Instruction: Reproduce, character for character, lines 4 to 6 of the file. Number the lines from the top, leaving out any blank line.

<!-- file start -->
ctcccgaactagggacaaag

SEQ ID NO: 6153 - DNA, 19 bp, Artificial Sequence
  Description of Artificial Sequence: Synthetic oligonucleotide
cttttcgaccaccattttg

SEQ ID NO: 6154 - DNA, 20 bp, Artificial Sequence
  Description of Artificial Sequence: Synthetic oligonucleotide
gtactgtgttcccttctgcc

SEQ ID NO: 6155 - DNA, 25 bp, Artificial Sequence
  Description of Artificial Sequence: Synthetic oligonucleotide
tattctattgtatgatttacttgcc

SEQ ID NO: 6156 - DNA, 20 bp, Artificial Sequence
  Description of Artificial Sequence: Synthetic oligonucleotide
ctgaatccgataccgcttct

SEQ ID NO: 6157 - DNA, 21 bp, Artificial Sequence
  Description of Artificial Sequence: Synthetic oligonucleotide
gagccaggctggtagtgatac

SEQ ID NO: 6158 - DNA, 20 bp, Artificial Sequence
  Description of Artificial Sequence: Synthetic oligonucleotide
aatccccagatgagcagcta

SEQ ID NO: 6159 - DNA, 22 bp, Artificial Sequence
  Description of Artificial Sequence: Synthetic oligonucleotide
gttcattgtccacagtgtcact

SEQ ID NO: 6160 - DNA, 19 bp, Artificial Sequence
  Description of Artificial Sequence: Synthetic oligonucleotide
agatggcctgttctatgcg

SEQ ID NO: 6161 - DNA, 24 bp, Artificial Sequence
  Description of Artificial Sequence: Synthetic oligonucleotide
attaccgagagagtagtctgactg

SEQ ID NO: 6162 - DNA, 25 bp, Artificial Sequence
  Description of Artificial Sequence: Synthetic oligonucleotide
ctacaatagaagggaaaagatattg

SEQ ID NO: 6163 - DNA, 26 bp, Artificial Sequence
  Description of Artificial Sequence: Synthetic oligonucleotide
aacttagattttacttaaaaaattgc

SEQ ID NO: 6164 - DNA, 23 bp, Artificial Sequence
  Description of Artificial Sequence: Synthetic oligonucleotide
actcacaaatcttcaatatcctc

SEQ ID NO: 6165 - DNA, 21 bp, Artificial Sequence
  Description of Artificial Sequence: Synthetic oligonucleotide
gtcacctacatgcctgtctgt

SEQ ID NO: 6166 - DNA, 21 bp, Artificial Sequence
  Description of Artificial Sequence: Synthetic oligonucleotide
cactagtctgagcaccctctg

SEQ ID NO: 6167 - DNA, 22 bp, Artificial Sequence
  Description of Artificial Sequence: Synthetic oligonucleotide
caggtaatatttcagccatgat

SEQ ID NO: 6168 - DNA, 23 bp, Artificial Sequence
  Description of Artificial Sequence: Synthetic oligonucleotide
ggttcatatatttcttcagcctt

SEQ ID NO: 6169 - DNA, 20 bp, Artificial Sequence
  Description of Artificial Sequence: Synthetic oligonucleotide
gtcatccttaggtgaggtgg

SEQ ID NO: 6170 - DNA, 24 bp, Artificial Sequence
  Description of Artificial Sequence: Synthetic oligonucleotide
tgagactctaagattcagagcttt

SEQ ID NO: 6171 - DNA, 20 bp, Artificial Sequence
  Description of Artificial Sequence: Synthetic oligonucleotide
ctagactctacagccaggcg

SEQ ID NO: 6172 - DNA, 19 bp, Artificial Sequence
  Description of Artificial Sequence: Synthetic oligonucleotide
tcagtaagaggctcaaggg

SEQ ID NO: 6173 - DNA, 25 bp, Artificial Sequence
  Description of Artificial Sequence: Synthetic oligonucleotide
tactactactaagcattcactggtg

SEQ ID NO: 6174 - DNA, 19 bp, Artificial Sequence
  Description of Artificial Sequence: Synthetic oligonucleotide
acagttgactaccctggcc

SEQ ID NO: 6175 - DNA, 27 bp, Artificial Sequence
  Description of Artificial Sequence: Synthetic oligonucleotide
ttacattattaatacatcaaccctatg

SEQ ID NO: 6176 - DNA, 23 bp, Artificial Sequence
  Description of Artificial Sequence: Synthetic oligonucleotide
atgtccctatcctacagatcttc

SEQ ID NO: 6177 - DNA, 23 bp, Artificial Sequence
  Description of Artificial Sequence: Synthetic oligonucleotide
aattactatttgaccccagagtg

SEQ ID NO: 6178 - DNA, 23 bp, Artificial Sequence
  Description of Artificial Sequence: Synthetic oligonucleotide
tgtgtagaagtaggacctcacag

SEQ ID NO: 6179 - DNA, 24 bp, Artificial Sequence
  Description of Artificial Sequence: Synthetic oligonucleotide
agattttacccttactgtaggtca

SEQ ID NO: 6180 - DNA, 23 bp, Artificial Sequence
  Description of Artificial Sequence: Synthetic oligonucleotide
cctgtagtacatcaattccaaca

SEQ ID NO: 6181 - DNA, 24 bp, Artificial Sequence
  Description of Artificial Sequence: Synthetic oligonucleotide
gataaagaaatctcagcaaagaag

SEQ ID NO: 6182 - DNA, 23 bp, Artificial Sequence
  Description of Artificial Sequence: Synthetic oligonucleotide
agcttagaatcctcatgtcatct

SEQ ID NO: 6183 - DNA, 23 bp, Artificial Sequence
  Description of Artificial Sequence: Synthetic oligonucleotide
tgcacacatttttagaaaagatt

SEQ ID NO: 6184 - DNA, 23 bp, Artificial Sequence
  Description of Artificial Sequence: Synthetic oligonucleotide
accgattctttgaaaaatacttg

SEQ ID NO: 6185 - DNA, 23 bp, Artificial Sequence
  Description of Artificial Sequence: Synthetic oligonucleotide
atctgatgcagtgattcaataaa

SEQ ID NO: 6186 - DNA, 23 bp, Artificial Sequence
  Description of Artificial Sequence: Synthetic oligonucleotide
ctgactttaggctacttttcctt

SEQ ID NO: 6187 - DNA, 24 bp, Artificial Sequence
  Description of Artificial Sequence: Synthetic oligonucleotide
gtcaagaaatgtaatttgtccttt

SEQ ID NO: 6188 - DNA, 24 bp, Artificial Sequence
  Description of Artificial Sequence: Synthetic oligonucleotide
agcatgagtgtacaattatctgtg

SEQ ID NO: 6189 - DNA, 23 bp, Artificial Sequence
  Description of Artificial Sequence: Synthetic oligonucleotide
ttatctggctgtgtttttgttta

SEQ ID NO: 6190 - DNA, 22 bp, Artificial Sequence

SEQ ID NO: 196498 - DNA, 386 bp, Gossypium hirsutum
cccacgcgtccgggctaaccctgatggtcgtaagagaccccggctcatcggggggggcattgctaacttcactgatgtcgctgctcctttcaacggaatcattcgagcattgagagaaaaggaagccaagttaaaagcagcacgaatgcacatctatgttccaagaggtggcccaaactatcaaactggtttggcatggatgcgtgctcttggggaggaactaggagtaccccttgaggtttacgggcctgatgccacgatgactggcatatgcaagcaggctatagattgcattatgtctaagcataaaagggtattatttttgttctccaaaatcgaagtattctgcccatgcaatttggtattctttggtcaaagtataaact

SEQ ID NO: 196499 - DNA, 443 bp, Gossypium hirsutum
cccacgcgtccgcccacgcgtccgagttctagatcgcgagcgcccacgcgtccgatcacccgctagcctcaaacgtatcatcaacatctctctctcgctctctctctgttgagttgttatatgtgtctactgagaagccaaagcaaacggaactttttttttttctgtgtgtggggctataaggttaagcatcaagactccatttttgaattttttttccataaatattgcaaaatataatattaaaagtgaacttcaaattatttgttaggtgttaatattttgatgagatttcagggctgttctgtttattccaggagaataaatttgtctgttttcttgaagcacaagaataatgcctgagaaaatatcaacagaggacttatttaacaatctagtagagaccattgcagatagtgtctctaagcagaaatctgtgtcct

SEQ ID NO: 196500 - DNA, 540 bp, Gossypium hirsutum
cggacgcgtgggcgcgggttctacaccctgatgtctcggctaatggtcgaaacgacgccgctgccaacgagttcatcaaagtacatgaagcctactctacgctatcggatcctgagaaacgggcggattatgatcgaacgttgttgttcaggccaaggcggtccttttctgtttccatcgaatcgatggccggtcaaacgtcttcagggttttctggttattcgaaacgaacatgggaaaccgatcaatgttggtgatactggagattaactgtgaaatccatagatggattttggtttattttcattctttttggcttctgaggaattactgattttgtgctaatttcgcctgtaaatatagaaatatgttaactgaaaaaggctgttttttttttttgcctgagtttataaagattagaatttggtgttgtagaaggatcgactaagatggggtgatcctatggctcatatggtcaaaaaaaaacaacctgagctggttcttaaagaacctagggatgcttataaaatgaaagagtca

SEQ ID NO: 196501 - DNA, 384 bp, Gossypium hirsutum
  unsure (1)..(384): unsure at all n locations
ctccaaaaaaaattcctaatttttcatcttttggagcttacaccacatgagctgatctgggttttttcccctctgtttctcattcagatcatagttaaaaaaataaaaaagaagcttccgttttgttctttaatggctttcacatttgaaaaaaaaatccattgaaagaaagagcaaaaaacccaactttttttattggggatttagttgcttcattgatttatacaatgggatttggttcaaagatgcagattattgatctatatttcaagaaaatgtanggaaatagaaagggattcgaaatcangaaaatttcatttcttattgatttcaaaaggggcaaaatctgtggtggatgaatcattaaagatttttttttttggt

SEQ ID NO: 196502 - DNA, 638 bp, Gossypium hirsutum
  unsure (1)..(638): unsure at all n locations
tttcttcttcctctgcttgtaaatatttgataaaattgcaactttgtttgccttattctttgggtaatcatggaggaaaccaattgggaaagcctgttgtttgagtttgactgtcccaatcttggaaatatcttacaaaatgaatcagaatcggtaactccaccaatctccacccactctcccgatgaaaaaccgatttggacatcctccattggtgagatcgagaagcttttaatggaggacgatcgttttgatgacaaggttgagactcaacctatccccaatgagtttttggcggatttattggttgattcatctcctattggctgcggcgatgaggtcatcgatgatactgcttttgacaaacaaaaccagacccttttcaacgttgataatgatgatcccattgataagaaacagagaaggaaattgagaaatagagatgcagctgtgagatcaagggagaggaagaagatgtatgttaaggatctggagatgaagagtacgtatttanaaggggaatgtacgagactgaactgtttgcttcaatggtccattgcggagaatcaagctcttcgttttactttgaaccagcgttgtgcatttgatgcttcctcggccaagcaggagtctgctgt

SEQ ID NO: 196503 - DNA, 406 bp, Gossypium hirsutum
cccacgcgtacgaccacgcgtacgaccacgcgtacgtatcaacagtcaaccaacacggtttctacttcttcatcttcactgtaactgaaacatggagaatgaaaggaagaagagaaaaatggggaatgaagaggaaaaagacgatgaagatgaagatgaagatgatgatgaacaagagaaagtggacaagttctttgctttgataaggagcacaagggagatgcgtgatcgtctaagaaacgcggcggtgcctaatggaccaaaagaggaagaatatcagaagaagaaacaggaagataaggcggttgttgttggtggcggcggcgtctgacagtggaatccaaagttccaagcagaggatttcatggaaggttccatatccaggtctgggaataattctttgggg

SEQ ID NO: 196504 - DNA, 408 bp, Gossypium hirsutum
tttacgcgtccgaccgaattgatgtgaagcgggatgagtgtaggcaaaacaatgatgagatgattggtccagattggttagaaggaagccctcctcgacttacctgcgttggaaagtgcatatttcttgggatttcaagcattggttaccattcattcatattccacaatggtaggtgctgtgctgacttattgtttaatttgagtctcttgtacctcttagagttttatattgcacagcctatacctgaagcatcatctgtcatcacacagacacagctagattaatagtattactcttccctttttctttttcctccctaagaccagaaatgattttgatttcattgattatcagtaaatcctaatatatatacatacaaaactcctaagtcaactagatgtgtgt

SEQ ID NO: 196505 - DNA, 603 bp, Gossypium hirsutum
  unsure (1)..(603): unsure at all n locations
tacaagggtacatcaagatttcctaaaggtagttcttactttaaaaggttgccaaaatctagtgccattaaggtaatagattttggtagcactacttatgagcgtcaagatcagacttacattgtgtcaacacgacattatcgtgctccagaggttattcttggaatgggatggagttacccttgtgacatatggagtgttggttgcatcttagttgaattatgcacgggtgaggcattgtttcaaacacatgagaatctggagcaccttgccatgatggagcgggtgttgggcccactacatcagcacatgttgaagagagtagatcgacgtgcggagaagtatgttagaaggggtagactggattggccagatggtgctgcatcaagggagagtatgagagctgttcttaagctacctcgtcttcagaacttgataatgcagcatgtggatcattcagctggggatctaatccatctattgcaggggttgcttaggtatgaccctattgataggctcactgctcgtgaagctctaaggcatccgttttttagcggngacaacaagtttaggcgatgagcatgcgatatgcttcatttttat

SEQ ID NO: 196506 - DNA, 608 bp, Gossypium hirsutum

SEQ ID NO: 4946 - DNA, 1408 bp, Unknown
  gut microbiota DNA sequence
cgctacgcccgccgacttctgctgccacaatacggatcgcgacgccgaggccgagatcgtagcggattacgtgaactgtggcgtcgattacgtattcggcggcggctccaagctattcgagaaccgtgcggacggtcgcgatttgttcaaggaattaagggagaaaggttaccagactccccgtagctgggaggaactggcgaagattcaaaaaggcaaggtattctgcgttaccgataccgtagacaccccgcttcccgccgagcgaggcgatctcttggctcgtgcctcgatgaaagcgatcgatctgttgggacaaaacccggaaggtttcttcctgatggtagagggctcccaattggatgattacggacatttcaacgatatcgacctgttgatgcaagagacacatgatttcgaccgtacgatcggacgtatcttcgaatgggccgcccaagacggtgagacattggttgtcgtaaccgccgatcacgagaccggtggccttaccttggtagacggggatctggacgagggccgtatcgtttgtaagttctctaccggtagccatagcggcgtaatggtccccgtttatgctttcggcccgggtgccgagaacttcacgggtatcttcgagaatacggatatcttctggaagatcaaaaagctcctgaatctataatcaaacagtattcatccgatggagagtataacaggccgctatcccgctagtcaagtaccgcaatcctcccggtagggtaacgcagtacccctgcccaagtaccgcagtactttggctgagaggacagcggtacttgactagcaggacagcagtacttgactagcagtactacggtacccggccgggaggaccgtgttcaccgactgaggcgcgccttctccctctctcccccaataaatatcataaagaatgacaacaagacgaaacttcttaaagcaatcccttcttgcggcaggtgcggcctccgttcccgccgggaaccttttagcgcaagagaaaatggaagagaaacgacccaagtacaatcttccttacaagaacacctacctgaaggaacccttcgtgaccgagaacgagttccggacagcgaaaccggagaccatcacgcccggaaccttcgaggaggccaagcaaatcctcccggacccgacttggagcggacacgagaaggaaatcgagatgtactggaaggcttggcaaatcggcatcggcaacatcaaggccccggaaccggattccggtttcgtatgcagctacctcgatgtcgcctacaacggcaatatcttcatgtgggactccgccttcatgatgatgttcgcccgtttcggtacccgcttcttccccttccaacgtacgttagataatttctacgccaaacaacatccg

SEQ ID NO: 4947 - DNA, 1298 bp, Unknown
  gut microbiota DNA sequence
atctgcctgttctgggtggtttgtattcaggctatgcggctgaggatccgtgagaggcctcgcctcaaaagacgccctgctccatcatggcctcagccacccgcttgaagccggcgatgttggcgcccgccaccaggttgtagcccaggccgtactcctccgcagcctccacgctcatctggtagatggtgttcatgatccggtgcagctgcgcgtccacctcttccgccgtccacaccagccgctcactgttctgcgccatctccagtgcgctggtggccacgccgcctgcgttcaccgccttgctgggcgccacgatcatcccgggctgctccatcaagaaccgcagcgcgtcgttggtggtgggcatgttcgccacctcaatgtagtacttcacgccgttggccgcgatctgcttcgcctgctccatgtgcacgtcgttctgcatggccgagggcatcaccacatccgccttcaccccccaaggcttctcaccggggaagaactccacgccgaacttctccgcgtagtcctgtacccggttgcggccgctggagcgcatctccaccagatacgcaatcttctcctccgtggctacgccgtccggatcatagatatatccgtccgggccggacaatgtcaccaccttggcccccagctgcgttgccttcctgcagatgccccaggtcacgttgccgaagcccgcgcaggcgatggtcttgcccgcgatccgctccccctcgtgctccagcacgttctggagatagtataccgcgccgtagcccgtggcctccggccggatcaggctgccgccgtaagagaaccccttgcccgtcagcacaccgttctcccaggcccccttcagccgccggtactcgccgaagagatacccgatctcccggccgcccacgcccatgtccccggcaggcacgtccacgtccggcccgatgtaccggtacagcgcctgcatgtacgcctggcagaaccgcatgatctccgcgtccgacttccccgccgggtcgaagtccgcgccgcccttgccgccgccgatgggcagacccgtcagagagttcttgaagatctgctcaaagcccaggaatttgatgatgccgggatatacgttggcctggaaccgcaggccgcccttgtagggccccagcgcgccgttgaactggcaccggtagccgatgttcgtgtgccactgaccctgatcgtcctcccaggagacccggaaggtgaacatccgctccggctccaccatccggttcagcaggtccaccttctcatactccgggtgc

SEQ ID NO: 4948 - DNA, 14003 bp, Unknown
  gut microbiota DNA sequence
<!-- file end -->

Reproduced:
cttttcgaccaccattttg

SEQ ID NO: 6154 - DNA, 20 bp, Artificial Sequence
  Description of Artificial Sequence: Synthetic oligonucleotide